COMMON MISCONCEPTIONS ABOUT GUM DISEASE

Sep 28th, 2017

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COMMON MISCONCEPTIONS ABOUT GUM DISEASE

WE BELIEVE the more educated our patients are about dental health issues, the better they’ll be able to prevent them.  Today, we want to discuss a disease that over 64.5 million adults suffer from in the US: Periodontal (gum) Disease.  We often warn of periodontal disease and the detrimental effects it has on the mouth and body. But, there are many common misconceptions about gum disease. To help you better understand it, we’ve decided to bust some myths today!


Myth #1: Gum Disease Isn’t that Big of a Deal

Periodontal disease is an inflammatory disease that affects the soft and hard structures that support the teeth. In its early stage, called gingivitis, the gums become swollen and red due to inflammation, which is the body’s natural response to the presence of harmful bacteria. Research shows a strong link between gum disease and heart disease, stroke, diabetes, poor pregnancy outcomes, and other conditions.  For example, 91 percent of patients with heart disease have gum disease.    In the case of heart disease, one theory is gum disease can cause harmful bacteria (from bleeding gums) to enter the bloodstream where they attach to the fatty deposits in the heart blood vessels. This condition can cause blood clots and may lead to heart attack.  Your gums can help give us early warning signs of future heath concerns and give us a snapshot of your overall health. 


Myth #2: Bleeding Gums Are Normal

This is probably one of the most perpetuated dental health myths. The truth is, bleeding gums are the first sign of gum disease. Gums swell, bleed and become tender when plaque accumulates on the teeth and around the gum line. Keep your gums healthy by removing plaque and food debris with daily brushing and flossing.

Myth #3: People Get Gum Disease Because They Don’t Clean Their Teeth

While poor oral hygiene definitely contributes to the development of gum disease, there can be many other factors involved. Tobacco use, stress, a bad diet, genetics, and certain illnesses such as diabetes can all increase your risk of developing gum disease. And as we’ve explained before, even being pregnant makes you more susceptible!  There are quite a few different bacteria and pathogens that can cause periodontal disease, and some of them are much more destructive than others.  At RR Dentistry, we can collect a salivary sample and have this analyzed to find out what particular pathogens you might be fighting against.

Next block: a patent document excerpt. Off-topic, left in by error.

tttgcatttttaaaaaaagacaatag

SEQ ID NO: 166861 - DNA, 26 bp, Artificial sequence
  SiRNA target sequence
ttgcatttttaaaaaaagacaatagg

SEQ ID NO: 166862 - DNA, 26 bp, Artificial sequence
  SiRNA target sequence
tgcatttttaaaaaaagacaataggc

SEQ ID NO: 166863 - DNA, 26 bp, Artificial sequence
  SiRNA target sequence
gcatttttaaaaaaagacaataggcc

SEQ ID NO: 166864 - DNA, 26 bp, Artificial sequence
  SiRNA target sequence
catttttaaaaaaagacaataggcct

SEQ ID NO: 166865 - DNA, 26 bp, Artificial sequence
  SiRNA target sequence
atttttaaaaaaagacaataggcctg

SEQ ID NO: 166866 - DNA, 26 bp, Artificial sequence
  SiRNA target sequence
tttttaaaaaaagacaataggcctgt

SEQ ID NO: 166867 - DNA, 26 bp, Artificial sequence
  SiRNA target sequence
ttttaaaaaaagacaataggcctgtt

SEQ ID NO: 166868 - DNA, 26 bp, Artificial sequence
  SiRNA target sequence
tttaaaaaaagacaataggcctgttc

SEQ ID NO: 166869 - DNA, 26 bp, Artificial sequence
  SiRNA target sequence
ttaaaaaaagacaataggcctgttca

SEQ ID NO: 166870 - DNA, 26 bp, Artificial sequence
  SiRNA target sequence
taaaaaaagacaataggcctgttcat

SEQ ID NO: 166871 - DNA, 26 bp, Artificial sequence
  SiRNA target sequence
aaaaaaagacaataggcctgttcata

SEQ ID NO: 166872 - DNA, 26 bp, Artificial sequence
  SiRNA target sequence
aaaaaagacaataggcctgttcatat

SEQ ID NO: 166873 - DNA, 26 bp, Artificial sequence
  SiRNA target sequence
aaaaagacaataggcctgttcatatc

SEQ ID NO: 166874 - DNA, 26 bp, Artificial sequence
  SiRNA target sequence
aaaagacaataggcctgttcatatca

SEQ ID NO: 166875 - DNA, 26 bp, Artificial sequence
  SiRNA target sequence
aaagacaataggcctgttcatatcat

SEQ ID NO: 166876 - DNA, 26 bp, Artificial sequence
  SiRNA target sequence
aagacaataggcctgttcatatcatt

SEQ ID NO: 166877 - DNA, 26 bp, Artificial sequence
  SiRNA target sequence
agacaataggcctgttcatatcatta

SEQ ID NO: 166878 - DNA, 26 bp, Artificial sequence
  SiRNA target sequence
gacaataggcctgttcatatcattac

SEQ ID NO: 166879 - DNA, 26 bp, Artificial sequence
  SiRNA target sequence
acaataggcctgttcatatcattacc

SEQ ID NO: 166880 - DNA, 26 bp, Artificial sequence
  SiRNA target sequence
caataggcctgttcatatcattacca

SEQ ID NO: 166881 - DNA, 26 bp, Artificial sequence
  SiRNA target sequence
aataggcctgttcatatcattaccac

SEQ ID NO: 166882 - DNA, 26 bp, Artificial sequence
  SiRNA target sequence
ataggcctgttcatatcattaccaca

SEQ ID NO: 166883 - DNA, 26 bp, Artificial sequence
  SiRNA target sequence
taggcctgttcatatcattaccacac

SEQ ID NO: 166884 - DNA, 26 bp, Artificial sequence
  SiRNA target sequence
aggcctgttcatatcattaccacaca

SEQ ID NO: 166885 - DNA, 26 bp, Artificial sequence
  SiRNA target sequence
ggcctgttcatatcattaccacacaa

We also don’t want our patients to think that if they are cavity-free they couldn’t possibly have gum disease. Gum disease is painless in its beginning stages and many people don’t know they have it. That’s why proper oral hygiene and twice-yearly visits to your dentist are essential for your oral health, even if you don’t have a cavity!

Myth #4: Gum Disease Is Irreversible

What we really want our patients to understand is that gum disease is reversible in its earliest stage: gingivitis! The earlier gingivitis is caught, the easier it is to eliminate it before it advances to full-blown periodontitis. Finding out you have gingivitis can be worrisome but here’s the good news: good oral hygiene habits and professional cleanings can, in most cases, rid you of gingivitis and stop gum disease in its tracks.

To learn more about periodontal screenings, check out the video below!

https://www.youtube.com/watch?v=AQ0DBRspZyg

 

Myth #5: Only Adults Can Get Gum Disease

Gum disease is much more prevalent in adults, but that doesn’t mean that our children are invulnerable. Children can be more susceptible to gum disease if they are genetically predisposed or have certain illnesses such as autoimmune disorders or diabetes. Even puberty, with all its hormonal changes, can put your child more at risk. Their best defense against any dental disease–gum disease and tooth decay included–is to take care of their teeth at home and visit the dentist on a regular basis.

Myth #6: Everyone With Diabetes Has Gum Disease

If you have diabetes, developing gum disease is not inevitable, although you are certainly at a higher risk. Now more than ever you’ll need a good relationship with and frequent visits to your dentist. A rigorous oral hygiene regimen as well as frequent cleanings can help stave off the onset of gum disease. Proper blood glucose control can also help you lower your risk.

Gum Disease Myths… Busted!

Now that you know more about gum disease, keep up the good work avoiding it! Let us know if you have any questions in the comments below or on our Facebook page. Thanks for reading!

As always, thank you for supporting our practice.

 

 

The content on this blog is not intended to be a substitute for professional medical advice, diagnosis, or treatment. Always seek the advice of qualified health providers with questions you may have regarding medical conditions.

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